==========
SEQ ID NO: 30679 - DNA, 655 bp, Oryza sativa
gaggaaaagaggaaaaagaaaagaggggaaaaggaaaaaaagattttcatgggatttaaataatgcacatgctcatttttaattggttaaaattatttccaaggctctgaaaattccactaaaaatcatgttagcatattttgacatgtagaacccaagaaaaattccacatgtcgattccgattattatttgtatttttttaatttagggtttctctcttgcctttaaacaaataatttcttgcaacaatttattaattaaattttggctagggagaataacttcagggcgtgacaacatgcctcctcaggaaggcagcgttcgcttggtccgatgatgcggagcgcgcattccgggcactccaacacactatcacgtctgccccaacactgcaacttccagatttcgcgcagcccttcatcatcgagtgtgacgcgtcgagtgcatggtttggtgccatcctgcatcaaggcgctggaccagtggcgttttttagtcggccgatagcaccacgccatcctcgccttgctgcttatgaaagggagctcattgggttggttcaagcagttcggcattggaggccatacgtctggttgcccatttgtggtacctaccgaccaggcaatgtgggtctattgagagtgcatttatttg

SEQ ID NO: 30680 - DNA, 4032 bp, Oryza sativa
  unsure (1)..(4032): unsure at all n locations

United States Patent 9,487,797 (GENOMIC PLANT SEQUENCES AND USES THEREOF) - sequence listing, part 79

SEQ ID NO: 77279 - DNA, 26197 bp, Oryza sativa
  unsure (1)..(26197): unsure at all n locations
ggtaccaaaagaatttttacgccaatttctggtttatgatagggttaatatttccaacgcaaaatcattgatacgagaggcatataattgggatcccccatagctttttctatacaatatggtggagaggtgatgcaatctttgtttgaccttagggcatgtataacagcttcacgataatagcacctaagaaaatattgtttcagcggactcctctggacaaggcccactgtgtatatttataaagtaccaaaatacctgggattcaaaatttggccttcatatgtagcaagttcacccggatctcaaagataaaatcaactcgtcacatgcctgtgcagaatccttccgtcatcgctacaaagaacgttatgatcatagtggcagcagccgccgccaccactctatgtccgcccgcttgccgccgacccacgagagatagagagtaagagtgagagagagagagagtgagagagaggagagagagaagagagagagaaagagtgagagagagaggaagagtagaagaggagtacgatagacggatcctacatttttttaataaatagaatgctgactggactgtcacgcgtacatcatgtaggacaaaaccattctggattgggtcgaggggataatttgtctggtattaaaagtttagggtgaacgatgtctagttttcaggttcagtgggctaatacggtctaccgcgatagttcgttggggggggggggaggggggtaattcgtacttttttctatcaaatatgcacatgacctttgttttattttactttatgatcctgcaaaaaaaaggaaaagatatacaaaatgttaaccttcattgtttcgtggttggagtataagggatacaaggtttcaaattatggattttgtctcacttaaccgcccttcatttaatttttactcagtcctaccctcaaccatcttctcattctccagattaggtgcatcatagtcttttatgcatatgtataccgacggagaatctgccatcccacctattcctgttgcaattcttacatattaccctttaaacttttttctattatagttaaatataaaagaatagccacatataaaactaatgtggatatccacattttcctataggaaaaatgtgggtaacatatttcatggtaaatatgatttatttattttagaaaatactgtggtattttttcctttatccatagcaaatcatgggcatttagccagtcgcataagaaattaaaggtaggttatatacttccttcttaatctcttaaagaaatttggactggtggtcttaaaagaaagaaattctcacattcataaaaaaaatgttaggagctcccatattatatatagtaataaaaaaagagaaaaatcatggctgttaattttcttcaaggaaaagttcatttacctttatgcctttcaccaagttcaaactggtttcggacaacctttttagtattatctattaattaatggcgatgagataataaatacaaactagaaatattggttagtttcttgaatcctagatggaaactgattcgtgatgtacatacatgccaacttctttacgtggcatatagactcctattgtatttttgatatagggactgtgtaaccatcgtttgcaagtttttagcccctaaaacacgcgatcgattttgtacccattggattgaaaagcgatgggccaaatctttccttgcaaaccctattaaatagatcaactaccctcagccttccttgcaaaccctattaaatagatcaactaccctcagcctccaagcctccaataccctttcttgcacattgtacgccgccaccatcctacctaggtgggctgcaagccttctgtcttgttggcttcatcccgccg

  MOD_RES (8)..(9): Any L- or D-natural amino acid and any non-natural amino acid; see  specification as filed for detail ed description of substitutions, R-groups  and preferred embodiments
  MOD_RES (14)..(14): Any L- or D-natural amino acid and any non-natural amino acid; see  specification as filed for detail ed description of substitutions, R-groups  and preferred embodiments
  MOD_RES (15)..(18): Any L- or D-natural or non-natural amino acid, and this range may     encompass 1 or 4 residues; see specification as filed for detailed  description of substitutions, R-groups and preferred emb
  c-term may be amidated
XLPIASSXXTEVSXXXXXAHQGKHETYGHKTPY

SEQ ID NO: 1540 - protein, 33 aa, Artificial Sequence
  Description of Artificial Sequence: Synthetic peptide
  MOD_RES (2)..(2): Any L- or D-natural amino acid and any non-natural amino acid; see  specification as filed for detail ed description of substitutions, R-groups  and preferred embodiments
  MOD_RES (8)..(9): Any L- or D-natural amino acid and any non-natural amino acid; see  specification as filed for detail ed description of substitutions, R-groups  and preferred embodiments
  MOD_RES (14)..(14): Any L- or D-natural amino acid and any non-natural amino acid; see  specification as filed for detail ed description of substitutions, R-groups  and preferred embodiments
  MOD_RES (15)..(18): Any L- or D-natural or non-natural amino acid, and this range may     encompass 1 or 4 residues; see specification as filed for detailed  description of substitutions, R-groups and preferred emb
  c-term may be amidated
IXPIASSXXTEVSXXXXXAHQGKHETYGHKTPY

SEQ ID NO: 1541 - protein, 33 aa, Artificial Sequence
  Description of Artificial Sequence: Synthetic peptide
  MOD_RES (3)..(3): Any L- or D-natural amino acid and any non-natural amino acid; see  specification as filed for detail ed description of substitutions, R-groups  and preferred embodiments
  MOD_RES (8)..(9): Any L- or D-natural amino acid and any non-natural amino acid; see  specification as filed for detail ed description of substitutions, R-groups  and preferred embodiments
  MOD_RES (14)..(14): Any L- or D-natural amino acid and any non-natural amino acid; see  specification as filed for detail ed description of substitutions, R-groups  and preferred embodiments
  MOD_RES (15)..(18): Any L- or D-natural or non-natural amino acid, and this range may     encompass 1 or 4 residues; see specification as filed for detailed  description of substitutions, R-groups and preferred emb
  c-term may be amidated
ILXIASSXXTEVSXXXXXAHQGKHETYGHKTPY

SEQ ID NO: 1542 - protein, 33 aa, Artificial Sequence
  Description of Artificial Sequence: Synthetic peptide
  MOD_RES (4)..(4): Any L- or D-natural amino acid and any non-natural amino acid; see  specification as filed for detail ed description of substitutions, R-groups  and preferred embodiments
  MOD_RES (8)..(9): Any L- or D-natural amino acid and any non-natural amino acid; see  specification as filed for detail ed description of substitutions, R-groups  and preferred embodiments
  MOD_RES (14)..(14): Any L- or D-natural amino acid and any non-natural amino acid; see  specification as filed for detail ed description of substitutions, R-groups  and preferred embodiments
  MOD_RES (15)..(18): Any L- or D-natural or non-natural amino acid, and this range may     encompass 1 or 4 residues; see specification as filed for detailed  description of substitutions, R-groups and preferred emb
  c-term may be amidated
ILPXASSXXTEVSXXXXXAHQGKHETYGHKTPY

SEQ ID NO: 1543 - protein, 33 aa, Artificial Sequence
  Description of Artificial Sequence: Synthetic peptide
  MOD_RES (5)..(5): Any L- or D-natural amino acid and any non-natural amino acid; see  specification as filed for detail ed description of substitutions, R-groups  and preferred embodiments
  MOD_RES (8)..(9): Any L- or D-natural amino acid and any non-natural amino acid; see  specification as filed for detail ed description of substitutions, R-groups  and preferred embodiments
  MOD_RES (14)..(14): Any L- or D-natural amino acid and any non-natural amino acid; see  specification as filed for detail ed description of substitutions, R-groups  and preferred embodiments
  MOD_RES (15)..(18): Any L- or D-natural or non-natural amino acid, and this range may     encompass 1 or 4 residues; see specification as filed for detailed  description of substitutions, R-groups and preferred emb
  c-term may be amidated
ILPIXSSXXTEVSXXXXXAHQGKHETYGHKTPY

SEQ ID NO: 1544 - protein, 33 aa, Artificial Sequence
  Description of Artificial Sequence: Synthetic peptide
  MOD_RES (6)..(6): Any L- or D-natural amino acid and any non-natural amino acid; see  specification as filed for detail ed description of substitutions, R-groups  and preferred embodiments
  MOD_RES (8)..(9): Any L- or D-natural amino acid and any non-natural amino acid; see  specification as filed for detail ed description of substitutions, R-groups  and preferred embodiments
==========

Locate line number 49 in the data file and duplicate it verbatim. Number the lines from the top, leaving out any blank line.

  MOD_RES (8)..(9): Any L- or D-natural amino acid and any non-natural amino acid; see  specification as filed for detail ed description of substitutions, R-groups  and preferred embodiments